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Scenarios for Psychology in a Postmodern Age

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The Church, the Factory and the Market Scenarios for Psychology in a Postmodern Age Steinar Kvale University of Aarhus Abstract. Shifting styles of doing psychology reflect assumptions from the culture at large. In the first section, three cultural metaphors for the science and profession of psychology are put forth—the church, the factory and the market. The picture they provide of psychology is then contrasted with the common histories of psychology as a succession of ideas. The metaphors are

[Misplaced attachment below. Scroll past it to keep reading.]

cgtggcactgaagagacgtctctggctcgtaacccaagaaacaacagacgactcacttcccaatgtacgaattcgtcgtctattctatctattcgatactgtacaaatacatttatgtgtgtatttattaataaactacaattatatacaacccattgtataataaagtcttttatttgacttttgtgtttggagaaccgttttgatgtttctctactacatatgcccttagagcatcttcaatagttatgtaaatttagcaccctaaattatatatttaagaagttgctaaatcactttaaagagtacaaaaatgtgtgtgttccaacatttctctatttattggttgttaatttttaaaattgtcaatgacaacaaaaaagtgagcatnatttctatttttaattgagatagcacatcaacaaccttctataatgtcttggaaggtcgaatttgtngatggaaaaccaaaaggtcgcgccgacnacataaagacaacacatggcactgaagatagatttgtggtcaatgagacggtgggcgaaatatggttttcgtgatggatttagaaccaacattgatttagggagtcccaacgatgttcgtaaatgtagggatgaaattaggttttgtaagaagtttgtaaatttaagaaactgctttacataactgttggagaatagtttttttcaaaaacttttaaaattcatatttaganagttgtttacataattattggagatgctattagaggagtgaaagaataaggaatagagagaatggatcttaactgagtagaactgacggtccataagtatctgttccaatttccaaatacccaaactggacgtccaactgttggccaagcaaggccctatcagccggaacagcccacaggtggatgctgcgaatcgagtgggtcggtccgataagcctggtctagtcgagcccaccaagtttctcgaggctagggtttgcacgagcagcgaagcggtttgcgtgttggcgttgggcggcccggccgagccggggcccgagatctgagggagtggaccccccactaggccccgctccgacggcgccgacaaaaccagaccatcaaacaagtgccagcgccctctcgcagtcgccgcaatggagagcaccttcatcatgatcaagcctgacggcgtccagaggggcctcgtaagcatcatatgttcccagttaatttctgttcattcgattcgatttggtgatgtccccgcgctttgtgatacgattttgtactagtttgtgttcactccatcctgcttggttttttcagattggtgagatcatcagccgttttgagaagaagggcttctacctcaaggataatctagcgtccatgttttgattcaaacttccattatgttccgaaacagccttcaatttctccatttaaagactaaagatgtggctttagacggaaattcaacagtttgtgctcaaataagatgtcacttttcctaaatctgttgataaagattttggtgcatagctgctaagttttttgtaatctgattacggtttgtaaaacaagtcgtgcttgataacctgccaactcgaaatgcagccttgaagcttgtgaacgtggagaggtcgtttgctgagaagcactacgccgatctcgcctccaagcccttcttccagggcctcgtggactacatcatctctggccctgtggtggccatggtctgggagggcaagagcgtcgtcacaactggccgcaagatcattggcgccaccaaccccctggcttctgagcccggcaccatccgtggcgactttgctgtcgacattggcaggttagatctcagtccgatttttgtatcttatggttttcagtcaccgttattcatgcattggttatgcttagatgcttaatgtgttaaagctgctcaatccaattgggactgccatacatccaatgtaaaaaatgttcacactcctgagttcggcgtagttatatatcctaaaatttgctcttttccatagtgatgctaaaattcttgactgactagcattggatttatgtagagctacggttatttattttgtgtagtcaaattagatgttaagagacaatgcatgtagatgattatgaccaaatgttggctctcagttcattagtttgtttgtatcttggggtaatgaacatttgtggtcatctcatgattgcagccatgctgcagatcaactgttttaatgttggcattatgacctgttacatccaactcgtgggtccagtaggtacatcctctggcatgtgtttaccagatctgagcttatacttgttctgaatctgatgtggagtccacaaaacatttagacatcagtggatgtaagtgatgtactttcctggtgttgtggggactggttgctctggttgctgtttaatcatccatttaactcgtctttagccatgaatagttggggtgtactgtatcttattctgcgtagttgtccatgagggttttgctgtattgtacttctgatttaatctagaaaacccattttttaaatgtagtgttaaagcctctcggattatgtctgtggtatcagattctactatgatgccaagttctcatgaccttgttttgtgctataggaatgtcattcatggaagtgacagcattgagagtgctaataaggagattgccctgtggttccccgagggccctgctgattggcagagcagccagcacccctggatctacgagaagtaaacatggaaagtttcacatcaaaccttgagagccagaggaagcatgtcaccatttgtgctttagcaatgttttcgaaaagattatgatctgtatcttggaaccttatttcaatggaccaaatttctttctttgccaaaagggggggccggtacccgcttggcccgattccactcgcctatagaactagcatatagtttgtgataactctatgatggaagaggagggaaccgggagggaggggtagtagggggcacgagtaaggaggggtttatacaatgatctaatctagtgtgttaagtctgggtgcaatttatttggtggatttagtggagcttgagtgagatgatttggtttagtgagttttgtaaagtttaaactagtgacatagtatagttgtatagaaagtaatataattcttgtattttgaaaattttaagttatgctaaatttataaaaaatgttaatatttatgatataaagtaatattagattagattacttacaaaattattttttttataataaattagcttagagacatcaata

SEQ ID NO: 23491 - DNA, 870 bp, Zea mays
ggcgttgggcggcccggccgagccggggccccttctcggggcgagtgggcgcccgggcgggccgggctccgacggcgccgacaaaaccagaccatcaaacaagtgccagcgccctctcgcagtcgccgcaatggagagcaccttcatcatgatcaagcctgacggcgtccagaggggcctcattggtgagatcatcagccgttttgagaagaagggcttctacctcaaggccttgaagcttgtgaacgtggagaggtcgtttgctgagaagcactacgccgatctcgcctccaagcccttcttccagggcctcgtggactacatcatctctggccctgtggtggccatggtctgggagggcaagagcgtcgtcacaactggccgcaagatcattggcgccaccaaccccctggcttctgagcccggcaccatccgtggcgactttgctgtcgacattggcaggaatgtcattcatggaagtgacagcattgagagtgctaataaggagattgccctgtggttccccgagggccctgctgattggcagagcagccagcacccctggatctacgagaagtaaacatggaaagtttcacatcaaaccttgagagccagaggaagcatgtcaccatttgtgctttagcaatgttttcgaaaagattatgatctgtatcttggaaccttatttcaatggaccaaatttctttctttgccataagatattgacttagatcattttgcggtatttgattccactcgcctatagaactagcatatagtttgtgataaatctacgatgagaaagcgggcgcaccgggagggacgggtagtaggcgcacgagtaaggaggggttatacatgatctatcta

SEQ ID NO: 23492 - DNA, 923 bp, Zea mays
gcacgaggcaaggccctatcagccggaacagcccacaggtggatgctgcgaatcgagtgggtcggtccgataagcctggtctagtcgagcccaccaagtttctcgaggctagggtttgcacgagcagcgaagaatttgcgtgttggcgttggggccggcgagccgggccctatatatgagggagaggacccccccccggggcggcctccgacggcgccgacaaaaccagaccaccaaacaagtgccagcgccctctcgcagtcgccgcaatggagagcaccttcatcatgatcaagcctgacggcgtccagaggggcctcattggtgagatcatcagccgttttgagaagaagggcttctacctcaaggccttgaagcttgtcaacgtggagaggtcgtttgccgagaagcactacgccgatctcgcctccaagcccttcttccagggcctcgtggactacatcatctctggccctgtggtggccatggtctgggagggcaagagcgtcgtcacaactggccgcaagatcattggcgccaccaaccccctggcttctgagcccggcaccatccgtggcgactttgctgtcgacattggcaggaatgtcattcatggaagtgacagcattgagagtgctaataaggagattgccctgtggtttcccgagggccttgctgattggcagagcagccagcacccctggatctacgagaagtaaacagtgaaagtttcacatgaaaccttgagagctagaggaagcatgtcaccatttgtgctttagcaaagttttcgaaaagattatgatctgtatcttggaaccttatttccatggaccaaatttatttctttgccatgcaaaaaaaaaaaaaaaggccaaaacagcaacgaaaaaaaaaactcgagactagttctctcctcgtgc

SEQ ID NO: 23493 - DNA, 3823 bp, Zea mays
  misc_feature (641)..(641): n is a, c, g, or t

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  The Church, the Factory and theMarket Scenarios for Psychology in a Postmodern AgeSteinar Kvale University of Aarhus Abstract. Shifting styles of doing psychology reflect assumptions fromthe culture at large. In the first section, three cultural metaphors for thescience and profession of psychology are put forth—the church, the factoryand the market. The picture they provide of psychology is then contrastedwith the common histories of psychology as a succession of ideas. Themetaphors are thereafter invoked in a discussion of psychology as apostmodern religious, industrial and commercial collage. What counts in apostmodern age is less the truth claims of the different psychologicalapproaches than their marketability. Potentialities of a pragmatic and aculturally situated psychology are discussed in relation to challenges toWestern psychology today raised by the psychological profession and theglobalization of culture. Key Words : consumption, history, industry, postmodern, religion Psychology is a cultural and historical activity. In this article I discuss howshifting cultural presuppositions influence styles of psychological researchand professional practice. I start by suggesting three cultural metaphors formodern psychology—the church, the factory and the marketplace—and thengo on to contrast the conceptions of psychology that these metaphorsprovide with the more common insider histories of psychology as asuccession of ideas. The metaphors are then put into play in a discussion of psychology today as a postmodern collage of religious, industrial andcommercial metaphors. In contrast to the earlier strong conflicts betweendifferent paradigms of modern psychology, the truth value of conceptions of psychology as a science tend in a postmodern condition to be subordinatedto their market value. Finally, I suggest, in relation to challenges by thepsychological profession and by the globalization of culture, some potentialsof a pragmatic and culturally situated psychology. In short, the articleattempts to understand some of the current contradictions of psychological Theory & Psychology Copyright © 2003  Sage Publications. Vol. 13(5): 579–603[0959-3543(200310)13:5;579–603;036176]  science and profession in the light of more general contradictions of thecultural situation. Metaphors Psychology Lives By: The Church, the Factory andthe Market In an attempt to find some recurring patterns of human activity—and thepsychology of human activity—I shall turn to three prominent types of buildings in the postmodern cultural landscape. There are the large andoften richly decorated churches, many overlaid with the patina of centuries.There are the functional industrial factories, rectilinear and square, many insombre grey, some tainted by rust. And there are the new shopping malls,extravagantly coloured, with reflecting glass façades and labyrinthineinteriors.The human activities taking place inside these conspicuous buildingsdiffer. There is the solemnity of the often-empty churches; the visitors arequiet or whispering, except for occasional ceremonies with songs andsermons, and in the cathedrals clicks of the tourists’ cameras. In the olderfactories, filled with noise and hectic activity, workers latched on to high-speed machines perform the same mechanical movements over and overagain. In the newer factories, often smaller and quieter, the workers are freerto move about and interact while monitoring computerized production. Inthe shopping malls people move freely around at their own pace, in theirown individual styles, glancing at and sometimes purchasing some of themany tempting commodities displayed.Metaphor means understanding one kind of thing in terms of another. Ishall here apply the institutions of the church, the factory and the market ascultural metaphors that may serve to clarify the shifting styles of psycho-logical research and professional activity in the 20th century—such asintrospectionism and psychoanalysis, behaviourism and cognitive psycho-logy, and the humanistic psychologies and therapies.Table 1 gives a simple schematic presentation of the three culturalmetaphors I will draw upon when relating psychology to its cultural andhistorical context. They involve different conceptions of how to obtain T ABLE 1.Religious, industrial and commercial metaphors of psychology AGE:MedievalModernPostmodern INSTITUTION:ChurchFactoryMarketTHEME:SalvationProductionConsumptionKNOWLEDGE:RevelationMethodologyConstruction THEORY & PSYCHOLOGY 13(5)580  knowledge: emphasizing revelation, methodology and negotiation, respec-tively. Religious worship, production and consumption all take place in thepremodern, modern and postmodern ages, but with different dominance indifferent epochs.I shall try to show how these metaphors illustrate presuppositions of modern psychology, each cultural metaphor involving different discourses of the relation of human beings to their world. We cannot as psychologicalscientists ‘jump outside’ the cultural tradition we live in; we may, however,be attentive to the presuppositions we think with and attempt to becomeaware of how our cultural pre-understanding influences our research ques-tions and the answers we obtain. In the following brief metaphoricaloverview of some of the complex interrelations of psychology and culture, itwill not be feasible to extensively document and argue the many postulatesput forth. A few cases will be discussed at some length; for the remainderthere will be references to literature treating the postulated interactions moreextensively. The Church Metaphor of Psychology 1 Truth inhabits inner man. (St Augustine) In medieval Europe, agriculture was the main form of production, to whichwas added work in small craft shops. Medieval life took place in a tight-knitfeudal community and trade was little developed. Christianity was a rulingspiritual and political force, with the churches as the visible symbols of church power. General church–psychology correspondence. Modern psychology corres-ponds to religion, in particular Protestantism, with individualization andconstruction of an inner person, in conceptions of the self and its develop-ment, in providing guidelines for human life, in seeking truth and consola-tion through contemplation and in confession and pastoral care. Worldview. Religion faces the fundamental issues of the human situation; itprovides answers to basic questions of life. Both traditional religion andmodern psychology provide a worldview: they give a vision of what a goodlife is, they deliver concepts and techniques for the ordering of interior lifeas well as contributing to the ordering and legitimation of social life(Browning, 1987). The Christianity that ruled the medieval age erodedthroughout the modern era. In the Renaissance, God was replaced by man asthe centre of the universe. God further receded from view as the romanticthinkers of the 19th century translated key religious themes and values intosecular terms. The final diagnosis—‘God is dead’—was given in 1878 byNietzsche (1994). Theology as a truth guarantee was replaced by the newsciences, and psychology took over religion’s task of providing guidelinesfor human life. KVALE : THE CHURCH , THE FACTORY AND THE MARKET 581  Subject matter. The soul and its unity with God are the subject matter of religion. The religious soul was in the modern era replaced by a secularizedpsyche and a self, with the relation to God severed. The subject matter formodern psychology became a self-encapsulated consciousness. Telos. In religion, life is a striving for unity with God, a quest for salvationof the soul. In a secular culture where salvation of the soul is replaced byrealization of the self, the humanistic psychologies provided a scientificlegitimation of the worship of the self. The biblical story of the fall andultimate redemption became in psychology individualized into theories of the growth of the self and stages of psychosocial development. In thepsychological liberation of the self, the evil and tragic dimensions of thehuman condition disappeared. Although also facing the dark irrational sidesof humankind, the new psychoanalysis remained in line with Enlightenmentrationalism and optimism—’Where id was, ego shall become.’  Individualizing. A psychological conception of human being srcinated inthe 4th century after Christ with St Augustine’s autobiography Confessions (1952). The God of nature and heaven was moved into man, constructing aninner person of contemplation. Certain knowledge was sought by lookinginwards—through introspection and self-reflection. Redemption was soughtthrough an inner confession to God. Augustine was influenced by Neo-platonic philosophy and defended Christianity against a sceptical philosophyat the dissolution of the Roman Empire, at a time when the concept‘modern’ first came into use. His argument against the sceptics’ doubt of certain knowledge was ‘I reply, “If I am mistaken, I exist.” A non-existentbeing cannot be mistaken, therefore I must exist, if I am mistaken’(Augustine, 1972, p. 460).A thousand years passed before an Augustinian monk during the Renais-sance radicalized the individualizing and interiorizing of man’s relation toGod instigated by St Augustine. Martin Luther’s Protestantism left humanbeings alone with God, to be sought inwards by prayer and by study of theHoly Scriptures. In Protestantism, people were set free from confession andthe absolution of their sins by the church and left to their own innerconscience and free will. The very term ‘psychology’ was coined in the 16thcentury, and the Protestant line of individualization came to dominate theEnlightenment psychology developed in the following centuries. Styles of inquiry. Theological modes of obtaining knowledge through innercontemplation and exegesis of sacred texts were carried over into introspec-tionism and psychotherapy. Augustine’s quest for certain inner truth, bycontemplating on how the inner states of consciousness appeared to theintrospecting observer, was systematized in the introspective psychologies of Wundt and Titchener. The theologians’ elaborate exegesis of the parables of  THEORY & PSYCHOLOGY 13(5)582